Because the Civilian Service has not been able to enlist recruits, the target for haredi enlistment to the Civilian Service for July 2013 - July 2014, which was 1,300 men, will be missed.
In light of this shortcoming, MK Ayelet Shaked, who is heading the committee charged with oversight for implementation of the law, requested during the hearing that the government reduce the required target for enlistment to the Civilian Service by a third – because of the bureaucratic failure.
If enlistment targets for haredi men are not met by 2017 then criminal sanctions would be applied to yeshiva students who fail to enlist.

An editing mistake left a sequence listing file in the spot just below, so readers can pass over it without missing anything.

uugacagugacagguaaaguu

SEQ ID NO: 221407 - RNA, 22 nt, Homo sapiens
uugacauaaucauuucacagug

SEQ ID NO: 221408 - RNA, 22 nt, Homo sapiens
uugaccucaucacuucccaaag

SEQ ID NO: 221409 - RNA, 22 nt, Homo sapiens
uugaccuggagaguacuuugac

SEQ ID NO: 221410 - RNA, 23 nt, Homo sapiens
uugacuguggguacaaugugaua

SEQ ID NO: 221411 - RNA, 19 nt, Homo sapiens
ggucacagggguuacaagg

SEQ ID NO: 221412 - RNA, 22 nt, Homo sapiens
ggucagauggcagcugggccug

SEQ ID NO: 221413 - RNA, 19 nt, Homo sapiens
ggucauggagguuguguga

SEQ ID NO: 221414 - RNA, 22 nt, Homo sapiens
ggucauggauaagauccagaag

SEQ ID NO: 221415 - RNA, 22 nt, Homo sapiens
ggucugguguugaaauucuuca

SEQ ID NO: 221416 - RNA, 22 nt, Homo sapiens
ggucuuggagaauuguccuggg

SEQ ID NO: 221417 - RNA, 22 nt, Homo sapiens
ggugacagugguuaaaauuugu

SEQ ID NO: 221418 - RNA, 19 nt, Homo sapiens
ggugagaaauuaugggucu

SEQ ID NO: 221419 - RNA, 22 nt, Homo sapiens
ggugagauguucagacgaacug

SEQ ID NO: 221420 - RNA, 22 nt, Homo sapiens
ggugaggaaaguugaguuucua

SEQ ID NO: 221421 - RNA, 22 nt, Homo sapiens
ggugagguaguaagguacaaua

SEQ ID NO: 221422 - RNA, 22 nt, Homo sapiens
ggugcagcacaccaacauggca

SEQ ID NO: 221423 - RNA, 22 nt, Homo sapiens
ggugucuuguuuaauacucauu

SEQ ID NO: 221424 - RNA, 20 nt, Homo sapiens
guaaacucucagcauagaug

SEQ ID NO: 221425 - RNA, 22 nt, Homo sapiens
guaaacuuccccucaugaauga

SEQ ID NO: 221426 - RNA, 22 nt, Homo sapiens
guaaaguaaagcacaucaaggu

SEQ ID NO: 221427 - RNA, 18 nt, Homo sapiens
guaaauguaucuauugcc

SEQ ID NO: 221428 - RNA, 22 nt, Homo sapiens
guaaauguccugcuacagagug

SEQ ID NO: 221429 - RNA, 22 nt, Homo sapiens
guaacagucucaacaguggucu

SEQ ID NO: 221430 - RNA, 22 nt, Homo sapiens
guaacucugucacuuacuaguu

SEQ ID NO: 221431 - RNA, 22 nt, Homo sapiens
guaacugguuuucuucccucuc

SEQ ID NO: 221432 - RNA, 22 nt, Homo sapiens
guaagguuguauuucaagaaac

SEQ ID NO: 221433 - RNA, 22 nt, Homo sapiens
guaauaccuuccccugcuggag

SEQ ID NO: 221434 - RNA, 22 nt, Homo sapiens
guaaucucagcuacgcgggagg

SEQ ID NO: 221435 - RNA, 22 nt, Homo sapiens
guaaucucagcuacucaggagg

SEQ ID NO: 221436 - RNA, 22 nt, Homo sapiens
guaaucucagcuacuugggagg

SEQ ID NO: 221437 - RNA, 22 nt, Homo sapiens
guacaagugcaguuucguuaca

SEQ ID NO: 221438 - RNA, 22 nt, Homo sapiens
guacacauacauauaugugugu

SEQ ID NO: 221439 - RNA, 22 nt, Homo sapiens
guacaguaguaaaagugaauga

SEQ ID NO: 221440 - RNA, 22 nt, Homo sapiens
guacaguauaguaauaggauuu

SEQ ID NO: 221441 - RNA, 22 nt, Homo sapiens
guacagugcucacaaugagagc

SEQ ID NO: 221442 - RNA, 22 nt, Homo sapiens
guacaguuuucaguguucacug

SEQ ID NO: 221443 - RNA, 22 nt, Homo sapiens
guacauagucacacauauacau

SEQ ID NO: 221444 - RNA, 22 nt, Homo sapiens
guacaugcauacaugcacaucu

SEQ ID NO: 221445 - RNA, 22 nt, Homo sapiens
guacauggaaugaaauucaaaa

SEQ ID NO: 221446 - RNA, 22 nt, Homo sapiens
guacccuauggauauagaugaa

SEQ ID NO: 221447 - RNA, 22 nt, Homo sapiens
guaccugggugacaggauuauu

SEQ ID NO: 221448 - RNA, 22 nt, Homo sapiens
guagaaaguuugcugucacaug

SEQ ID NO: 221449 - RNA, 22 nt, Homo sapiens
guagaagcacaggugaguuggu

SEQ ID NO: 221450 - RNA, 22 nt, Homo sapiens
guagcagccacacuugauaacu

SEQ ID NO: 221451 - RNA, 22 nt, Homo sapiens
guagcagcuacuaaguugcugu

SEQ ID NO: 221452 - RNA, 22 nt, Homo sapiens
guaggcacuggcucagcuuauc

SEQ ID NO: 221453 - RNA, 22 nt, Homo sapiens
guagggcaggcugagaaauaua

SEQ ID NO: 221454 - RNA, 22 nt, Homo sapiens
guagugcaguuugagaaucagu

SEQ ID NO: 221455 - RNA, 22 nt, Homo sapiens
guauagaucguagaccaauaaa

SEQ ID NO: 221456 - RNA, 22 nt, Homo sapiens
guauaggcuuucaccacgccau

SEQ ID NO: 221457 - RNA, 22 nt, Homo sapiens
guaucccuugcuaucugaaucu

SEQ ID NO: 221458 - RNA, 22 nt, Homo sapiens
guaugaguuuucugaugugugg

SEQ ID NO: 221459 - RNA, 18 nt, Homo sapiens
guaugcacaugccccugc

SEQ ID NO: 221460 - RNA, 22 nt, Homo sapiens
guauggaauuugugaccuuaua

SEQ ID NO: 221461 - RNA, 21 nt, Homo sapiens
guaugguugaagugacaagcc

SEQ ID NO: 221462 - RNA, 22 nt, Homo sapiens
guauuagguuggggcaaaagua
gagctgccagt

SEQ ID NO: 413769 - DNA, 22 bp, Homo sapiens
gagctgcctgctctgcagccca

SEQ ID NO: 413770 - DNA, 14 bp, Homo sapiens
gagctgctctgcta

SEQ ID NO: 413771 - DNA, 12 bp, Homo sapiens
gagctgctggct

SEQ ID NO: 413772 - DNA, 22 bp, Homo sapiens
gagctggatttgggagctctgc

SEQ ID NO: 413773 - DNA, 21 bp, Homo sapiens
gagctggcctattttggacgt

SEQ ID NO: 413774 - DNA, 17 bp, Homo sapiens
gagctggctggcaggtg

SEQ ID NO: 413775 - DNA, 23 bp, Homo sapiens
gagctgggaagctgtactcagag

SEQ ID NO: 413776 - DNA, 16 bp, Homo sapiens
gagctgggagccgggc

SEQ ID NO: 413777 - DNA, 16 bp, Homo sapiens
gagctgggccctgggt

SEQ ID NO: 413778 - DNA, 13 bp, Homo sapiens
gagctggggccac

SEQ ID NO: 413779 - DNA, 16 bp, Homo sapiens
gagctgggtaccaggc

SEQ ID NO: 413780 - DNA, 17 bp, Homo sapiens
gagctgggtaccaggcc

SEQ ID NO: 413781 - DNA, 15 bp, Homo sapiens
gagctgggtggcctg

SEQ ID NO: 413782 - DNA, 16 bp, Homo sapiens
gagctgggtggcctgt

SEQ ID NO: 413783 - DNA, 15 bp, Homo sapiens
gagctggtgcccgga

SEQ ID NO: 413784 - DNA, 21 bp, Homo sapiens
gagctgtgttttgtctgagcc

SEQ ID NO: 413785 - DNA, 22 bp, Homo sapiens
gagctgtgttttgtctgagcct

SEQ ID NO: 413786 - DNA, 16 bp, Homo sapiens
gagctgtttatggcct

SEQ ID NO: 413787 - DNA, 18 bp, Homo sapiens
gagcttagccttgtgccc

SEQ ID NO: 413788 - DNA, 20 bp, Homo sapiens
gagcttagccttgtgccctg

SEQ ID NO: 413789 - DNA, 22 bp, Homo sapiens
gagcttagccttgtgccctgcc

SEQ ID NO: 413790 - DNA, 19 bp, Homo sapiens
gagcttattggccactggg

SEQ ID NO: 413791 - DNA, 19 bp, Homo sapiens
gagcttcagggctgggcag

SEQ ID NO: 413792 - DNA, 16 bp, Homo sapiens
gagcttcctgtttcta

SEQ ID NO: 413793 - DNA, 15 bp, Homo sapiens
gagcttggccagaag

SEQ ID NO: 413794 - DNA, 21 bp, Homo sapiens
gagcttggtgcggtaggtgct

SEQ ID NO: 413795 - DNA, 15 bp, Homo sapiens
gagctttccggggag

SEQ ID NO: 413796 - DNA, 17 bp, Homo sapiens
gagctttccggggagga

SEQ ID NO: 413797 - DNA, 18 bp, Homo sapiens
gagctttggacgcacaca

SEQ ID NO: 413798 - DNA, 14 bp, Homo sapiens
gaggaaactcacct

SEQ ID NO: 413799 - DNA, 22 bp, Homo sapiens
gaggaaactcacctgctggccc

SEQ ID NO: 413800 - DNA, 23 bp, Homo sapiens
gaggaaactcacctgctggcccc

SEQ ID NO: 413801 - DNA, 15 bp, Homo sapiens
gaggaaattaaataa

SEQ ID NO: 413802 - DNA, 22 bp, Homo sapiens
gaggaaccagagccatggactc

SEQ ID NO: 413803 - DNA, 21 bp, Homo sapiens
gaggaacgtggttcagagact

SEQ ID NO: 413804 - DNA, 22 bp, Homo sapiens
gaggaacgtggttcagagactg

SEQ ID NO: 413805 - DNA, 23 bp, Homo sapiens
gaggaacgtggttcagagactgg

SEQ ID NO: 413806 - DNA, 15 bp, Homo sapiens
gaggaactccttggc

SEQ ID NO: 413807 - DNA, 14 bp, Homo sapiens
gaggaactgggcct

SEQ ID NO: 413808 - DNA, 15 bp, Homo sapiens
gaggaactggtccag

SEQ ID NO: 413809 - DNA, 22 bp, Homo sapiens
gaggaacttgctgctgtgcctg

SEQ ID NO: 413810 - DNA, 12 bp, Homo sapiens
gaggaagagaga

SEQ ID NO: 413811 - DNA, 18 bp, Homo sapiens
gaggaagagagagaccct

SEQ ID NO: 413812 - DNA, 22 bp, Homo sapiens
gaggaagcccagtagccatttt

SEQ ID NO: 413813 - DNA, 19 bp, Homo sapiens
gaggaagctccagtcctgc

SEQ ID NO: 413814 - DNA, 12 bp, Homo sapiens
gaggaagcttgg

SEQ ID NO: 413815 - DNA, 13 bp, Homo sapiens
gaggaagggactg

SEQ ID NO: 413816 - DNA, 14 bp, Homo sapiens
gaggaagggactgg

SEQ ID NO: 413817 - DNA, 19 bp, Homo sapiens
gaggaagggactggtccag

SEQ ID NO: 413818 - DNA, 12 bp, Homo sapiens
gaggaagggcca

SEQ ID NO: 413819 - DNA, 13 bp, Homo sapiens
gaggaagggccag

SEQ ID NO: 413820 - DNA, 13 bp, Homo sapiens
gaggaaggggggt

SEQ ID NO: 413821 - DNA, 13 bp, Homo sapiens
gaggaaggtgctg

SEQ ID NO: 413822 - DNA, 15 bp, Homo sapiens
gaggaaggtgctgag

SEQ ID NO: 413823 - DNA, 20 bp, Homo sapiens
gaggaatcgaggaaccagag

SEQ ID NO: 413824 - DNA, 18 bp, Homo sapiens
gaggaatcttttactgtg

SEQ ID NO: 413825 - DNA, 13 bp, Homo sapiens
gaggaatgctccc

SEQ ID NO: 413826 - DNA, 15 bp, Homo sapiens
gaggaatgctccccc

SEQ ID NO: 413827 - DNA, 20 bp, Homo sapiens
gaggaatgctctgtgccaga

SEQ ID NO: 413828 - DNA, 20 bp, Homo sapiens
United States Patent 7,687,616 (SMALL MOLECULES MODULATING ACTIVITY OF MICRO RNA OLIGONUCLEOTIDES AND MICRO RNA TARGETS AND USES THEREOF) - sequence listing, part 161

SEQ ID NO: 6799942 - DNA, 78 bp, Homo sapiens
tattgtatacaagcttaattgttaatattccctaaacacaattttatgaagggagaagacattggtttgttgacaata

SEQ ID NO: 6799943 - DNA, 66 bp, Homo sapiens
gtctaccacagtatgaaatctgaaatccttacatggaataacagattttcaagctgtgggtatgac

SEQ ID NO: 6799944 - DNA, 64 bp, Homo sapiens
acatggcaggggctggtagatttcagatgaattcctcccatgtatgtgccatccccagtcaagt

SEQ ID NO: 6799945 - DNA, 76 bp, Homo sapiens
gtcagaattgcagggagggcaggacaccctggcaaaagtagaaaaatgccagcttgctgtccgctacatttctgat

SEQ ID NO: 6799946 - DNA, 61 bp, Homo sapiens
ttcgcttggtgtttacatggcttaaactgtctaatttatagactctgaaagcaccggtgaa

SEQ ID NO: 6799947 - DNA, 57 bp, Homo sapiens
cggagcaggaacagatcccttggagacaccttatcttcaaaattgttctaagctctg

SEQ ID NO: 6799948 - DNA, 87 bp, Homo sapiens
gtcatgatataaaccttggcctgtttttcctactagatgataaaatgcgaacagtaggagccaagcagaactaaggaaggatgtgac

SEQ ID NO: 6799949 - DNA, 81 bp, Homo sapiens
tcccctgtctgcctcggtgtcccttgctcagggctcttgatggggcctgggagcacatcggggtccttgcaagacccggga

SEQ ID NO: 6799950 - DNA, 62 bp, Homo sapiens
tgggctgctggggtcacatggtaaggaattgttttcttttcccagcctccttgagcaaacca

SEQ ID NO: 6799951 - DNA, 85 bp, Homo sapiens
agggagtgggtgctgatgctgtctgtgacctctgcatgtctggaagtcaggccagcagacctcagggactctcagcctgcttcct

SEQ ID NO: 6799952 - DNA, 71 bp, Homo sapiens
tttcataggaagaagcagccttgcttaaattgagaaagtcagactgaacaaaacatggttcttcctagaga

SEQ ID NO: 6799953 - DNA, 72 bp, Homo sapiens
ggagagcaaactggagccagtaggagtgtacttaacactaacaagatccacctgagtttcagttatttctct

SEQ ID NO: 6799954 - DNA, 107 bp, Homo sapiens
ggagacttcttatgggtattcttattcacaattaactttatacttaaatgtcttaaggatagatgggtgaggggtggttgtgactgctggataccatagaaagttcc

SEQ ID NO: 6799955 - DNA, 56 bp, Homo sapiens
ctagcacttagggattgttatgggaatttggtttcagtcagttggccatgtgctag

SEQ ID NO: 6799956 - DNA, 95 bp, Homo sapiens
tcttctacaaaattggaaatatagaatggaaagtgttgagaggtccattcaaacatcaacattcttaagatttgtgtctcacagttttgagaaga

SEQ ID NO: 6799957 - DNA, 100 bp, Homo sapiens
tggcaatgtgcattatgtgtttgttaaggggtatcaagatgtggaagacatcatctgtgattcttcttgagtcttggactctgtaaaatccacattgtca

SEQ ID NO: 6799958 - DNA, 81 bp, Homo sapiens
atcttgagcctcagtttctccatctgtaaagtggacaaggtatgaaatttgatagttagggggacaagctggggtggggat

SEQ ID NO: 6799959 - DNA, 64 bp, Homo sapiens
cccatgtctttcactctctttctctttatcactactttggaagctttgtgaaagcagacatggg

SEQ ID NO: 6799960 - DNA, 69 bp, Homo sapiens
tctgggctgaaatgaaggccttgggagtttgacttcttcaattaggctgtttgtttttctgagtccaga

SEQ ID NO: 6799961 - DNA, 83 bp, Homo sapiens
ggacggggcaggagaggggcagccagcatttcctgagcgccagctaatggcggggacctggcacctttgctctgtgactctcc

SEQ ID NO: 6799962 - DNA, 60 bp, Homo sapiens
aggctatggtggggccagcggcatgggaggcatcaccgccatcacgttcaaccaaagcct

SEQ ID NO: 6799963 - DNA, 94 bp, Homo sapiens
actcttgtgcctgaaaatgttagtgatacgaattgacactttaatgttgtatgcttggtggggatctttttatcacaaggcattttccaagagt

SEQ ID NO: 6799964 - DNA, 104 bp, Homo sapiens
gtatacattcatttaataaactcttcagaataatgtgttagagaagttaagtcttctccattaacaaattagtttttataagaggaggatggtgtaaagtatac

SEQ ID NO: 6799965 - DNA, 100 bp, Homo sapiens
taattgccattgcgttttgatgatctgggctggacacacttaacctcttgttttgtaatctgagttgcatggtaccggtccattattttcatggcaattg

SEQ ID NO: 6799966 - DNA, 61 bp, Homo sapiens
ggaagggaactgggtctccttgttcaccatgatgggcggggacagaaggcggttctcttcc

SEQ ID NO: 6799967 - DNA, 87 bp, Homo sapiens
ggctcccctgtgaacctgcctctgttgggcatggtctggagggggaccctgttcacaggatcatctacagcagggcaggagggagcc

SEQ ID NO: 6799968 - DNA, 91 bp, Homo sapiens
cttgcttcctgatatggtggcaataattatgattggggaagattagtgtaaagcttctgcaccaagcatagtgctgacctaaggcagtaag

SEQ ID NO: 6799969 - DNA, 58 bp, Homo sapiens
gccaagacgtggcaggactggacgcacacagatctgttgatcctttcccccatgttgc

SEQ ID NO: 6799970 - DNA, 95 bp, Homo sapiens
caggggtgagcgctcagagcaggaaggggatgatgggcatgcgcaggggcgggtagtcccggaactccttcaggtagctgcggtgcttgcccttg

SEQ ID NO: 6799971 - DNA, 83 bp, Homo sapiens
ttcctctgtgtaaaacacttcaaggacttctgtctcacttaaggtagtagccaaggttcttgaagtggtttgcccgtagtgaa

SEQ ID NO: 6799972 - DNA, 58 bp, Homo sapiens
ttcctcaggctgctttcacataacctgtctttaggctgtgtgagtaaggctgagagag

In addition to the civilian service recruitment problems, the statistics for enlistment to the IDF presented at the hearing were also problematic.
According to numbers presented by IDF officers in Tuesday’s committee hearing, 2,996 yeshiva students aged 22-28 were summoned to the army induction center – to either enlist or gain the full exemption available to them under the terms of the new law.
Of those who reported when summoned, only approximately 1,100, or 38 percent, have actually presented themselves at the induction center. One man enlisted to the IDF while the others opted for the full exemption.
The law for haredi conscription provides full exemptions, either immediately or in the coming years, to anyone who was 18 and over on the day the bill was passed, so motivation to enlist before mandatory enlistment is imposed in 2017 will likely be low.